SOPOCU Con: Singing the praises of a successful, Mississippi-based convention

by K. Hopson

My home state just had its first real convention, guys.

SOPOCU Con, which stands for Southern Popular Culture Convention, was on June 21 in Jackson, Miss.

Yes, I am aware Mississippi is late and infamous for underachievement. Precisely why this is a big step for us! I’m beyond pleased and proud. I don’t care how small it was! *waves I

dalekNo, but seriously, there was a good turnout for this little indie con! Very good, especially considering the organizers only had five months to put it all together. John Hanks and Jay Branch said they got about 1,800 through the doors for the one-day event by pounding the pavement and using old-school marketing tactics. It worked though, because they exceeded their 1,000 goal. applause If you want that Maserati, you better work, bish.

There wasn’t much in the way of programming, and the guests weren’t exactly what you would call an all-star lineup, but I think they made up for it with enthusiasm and informativeness. And there were a lot of cute things on sale.

As you know, that’s enough to keep me occupied for a couple of hours. I caught the panels for Q&A sessions with Mary Kate Smith and Kelsey Syers, from TBS’ King of the Nerds, and Theodus Crane (aka Big Tiny), from The Walking Dead. His panel was so endearing. The audience was kind of shy, so he ended up turning the questions on them instead of the other way around. Just adorable.




It was really cool to know that Smith is a real-live rocket scientist, and so down-to-earth and funny! I’m late on that, but I have a valid excuse since I no longer have cable. Syers also revealed that she speaks like…four languages fluently. Actually, the panel just before theirs was a lecture from Dr. Angelle Tanner about extrasolar planets in science fiction universes (and, I think, their hypothetical locations in the solar system? I only caught the end of it.) It’s always good to see chicks doing cool, smart-people shit. Now that I think about it, there was a good bit of racial and gender diversity at this con. Here’s what organizer John Hanks had to say:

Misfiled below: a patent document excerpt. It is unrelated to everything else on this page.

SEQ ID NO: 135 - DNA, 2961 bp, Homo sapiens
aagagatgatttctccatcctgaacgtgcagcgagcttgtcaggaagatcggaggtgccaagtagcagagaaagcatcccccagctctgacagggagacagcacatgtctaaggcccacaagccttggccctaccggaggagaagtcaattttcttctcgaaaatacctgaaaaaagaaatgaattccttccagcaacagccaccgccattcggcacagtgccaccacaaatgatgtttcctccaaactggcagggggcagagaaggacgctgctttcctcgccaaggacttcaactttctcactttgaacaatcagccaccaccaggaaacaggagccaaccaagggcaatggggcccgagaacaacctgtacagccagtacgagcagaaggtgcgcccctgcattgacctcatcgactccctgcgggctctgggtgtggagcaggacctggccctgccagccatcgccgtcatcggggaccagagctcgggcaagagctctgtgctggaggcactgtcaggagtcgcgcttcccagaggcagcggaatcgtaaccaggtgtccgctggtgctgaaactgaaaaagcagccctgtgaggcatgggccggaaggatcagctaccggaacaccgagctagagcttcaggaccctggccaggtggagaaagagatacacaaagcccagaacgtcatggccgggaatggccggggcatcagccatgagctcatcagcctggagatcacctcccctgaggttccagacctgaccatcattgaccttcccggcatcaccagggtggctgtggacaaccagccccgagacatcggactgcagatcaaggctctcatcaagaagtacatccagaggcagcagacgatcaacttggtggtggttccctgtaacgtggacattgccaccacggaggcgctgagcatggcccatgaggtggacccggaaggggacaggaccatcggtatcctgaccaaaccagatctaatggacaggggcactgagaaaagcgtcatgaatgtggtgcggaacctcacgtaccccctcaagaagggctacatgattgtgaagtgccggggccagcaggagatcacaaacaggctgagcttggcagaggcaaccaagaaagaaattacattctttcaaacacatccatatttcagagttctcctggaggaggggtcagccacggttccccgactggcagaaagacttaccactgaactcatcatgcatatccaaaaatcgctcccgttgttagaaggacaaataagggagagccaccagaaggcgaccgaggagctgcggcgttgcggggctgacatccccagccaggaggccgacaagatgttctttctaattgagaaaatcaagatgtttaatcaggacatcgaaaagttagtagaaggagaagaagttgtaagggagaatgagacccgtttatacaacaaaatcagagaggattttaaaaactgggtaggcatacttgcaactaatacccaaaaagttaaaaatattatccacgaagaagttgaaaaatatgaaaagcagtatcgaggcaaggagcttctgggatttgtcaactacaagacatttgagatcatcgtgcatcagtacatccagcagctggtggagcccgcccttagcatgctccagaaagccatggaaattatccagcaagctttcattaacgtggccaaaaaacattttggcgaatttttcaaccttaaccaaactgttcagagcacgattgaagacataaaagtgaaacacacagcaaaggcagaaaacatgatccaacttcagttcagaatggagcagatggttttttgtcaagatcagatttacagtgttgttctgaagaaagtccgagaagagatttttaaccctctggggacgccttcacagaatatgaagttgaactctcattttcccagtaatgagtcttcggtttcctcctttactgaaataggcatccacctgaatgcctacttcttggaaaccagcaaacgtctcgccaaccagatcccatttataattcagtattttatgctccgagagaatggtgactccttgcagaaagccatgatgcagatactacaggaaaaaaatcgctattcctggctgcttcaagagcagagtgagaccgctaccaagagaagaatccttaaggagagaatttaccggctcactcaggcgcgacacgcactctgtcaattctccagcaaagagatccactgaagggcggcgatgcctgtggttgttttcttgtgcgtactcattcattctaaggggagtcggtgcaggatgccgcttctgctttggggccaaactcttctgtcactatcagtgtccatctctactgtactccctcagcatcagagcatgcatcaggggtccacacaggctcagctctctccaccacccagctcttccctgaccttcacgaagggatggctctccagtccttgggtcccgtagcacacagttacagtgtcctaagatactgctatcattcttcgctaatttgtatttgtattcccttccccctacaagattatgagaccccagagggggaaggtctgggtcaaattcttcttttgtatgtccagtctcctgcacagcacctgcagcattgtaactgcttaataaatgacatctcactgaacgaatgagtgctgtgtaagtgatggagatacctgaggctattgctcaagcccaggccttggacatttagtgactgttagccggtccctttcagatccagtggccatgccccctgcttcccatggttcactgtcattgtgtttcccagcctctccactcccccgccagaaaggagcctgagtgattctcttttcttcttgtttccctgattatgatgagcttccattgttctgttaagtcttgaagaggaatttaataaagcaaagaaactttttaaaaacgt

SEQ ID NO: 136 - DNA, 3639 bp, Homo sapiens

“I told Jay [Branch] that I was putting the show on for selfish reasons. I basically wanted a show where I could show my daughter a bunch of cool things that come from Mississippi and the South. It was cool for me to have a female rocket scientist, female artists, and a great diversity in the vendors and artists for her to see.”

Heart-warming, right? Btw, Hanks owns a company called Southernerds, which aims to combat stereotypes about us all being unexposed, cousin-marriage-supporting hicks. (Bought one of their shirts.)

Dude also burst my bubble and revealed that this was actually not the first Mississippi con.bumblebee

“It’s actually not the first Mississippi based convention, but a lot of people keep saying that. There has been the aforementioned MS Pulp Con, Mississippi Anime Invasion, and CoastCon has done like 40 conventions,” he said. “There are cons upcoming like Anime Invasion, Geekonomicon, and Hub Con. However, I will take the compliment. It means we are doing something right and our face to face, old school marketing plan is working.”

Wow, how did I not know all this?! Going to play that off now…

Hanks said they were very happy with the attendance numbers and hope to branch out next year:

“We hope to do it all over again next year and possibly expand into two days, while also leaving room to grow in the future. We don’t want to get too far ahead of ourselves and ruin the great thing we think we are building. In the future, we want to have more programming, more vendors, more options and things for people to do throughout the day. Just try and make what we did even better.”

And because I had a good time, I’m looking forward to seeing what they come up with for next year’s event. This will be on my to-watch list. (GO MISSISSIPPI, WOO!)

Comments (1)

With roots in the Magnolia State, I am pleased to hear this! Hooray!

Leave a comment